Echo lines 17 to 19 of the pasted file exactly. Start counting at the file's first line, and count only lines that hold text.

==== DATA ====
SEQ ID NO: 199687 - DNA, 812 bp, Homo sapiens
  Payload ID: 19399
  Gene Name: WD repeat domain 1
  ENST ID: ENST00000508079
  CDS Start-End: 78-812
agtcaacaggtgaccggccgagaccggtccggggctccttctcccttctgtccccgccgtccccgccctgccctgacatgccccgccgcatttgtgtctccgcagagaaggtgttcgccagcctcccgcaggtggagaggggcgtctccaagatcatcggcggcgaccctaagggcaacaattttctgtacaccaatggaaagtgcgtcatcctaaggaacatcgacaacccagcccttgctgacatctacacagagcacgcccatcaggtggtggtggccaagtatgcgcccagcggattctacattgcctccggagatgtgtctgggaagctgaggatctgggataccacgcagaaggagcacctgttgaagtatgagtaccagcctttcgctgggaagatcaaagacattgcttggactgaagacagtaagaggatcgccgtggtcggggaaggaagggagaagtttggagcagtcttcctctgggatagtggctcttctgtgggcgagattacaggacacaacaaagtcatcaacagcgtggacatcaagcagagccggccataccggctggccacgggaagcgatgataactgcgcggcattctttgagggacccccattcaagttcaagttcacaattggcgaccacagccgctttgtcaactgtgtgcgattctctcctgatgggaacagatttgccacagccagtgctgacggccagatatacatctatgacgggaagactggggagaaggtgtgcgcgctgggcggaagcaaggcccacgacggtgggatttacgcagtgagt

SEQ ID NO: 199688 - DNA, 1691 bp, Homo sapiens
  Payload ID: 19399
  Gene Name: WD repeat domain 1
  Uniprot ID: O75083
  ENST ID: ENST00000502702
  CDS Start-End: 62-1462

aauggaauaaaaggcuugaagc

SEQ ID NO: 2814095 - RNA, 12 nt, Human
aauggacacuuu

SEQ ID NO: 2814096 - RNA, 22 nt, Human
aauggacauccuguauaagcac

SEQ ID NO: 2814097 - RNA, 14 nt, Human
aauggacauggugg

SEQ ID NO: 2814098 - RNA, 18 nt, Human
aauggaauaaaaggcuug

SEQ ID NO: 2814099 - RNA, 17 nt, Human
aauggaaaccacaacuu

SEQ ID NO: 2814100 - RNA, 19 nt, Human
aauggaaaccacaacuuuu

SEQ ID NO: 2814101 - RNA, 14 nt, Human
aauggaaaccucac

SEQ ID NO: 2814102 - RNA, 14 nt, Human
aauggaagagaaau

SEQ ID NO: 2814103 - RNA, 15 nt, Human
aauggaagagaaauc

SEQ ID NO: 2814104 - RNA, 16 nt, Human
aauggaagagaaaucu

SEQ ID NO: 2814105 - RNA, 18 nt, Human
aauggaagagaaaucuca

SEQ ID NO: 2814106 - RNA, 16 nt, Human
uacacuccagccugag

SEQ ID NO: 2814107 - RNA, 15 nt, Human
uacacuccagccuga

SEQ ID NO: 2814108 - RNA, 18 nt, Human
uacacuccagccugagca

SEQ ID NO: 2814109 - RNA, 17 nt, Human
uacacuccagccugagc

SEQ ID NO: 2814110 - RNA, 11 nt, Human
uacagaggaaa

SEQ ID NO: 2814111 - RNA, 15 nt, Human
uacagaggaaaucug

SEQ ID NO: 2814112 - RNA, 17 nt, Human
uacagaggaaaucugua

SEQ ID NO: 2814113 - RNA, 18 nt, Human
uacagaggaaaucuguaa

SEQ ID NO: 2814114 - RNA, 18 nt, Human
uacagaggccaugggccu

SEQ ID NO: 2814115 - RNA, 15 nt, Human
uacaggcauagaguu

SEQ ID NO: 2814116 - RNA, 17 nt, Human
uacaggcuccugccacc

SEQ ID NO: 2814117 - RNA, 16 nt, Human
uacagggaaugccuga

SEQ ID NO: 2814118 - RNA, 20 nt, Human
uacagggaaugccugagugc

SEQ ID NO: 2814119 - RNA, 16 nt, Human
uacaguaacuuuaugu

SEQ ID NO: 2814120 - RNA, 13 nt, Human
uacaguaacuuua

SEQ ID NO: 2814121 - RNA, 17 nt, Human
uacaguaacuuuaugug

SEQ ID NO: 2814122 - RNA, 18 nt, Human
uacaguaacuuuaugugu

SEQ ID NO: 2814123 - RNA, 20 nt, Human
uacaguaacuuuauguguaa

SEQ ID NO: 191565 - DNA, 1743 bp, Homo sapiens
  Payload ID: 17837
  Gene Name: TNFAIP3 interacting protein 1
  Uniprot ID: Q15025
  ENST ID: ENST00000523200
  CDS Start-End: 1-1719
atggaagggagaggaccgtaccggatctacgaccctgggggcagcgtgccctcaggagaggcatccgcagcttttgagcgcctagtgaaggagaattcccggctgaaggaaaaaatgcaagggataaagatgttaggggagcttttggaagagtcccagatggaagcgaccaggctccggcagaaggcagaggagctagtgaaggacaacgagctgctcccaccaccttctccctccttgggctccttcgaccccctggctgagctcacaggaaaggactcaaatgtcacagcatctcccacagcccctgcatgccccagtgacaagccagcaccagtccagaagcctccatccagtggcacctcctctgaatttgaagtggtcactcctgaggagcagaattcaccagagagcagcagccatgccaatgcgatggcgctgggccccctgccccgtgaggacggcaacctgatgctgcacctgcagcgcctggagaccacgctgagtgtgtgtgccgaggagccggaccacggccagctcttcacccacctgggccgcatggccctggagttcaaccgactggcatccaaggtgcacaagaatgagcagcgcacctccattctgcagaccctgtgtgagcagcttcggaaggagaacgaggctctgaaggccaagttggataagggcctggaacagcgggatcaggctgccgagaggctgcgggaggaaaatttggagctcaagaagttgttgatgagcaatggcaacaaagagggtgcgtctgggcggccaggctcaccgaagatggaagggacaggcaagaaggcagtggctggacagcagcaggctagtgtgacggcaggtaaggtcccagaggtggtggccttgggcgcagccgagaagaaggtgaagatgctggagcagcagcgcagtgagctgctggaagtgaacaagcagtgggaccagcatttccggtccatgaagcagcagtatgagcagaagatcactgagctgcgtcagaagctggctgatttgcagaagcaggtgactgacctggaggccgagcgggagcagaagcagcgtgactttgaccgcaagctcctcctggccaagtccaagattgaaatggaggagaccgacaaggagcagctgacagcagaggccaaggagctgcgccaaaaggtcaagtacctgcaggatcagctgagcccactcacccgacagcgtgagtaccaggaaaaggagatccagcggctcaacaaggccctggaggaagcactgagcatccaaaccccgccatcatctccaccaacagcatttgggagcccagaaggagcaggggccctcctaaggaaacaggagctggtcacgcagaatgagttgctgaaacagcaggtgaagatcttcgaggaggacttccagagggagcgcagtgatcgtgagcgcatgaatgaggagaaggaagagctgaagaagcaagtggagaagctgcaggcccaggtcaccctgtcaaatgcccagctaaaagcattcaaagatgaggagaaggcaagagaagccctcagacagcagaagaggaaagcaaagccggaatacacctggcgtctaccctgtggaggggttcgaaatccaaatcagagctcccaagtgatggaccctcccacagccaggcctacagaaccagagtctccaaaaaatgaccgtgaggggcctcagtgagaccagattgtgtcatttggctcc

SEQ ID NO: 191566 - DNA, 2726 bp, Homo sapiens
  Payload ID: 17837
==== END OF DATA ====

aauggacauccuguauaagcac

SEQ ID NO: 2814097 - RNA, 14 nt, Human
aauggacauggugg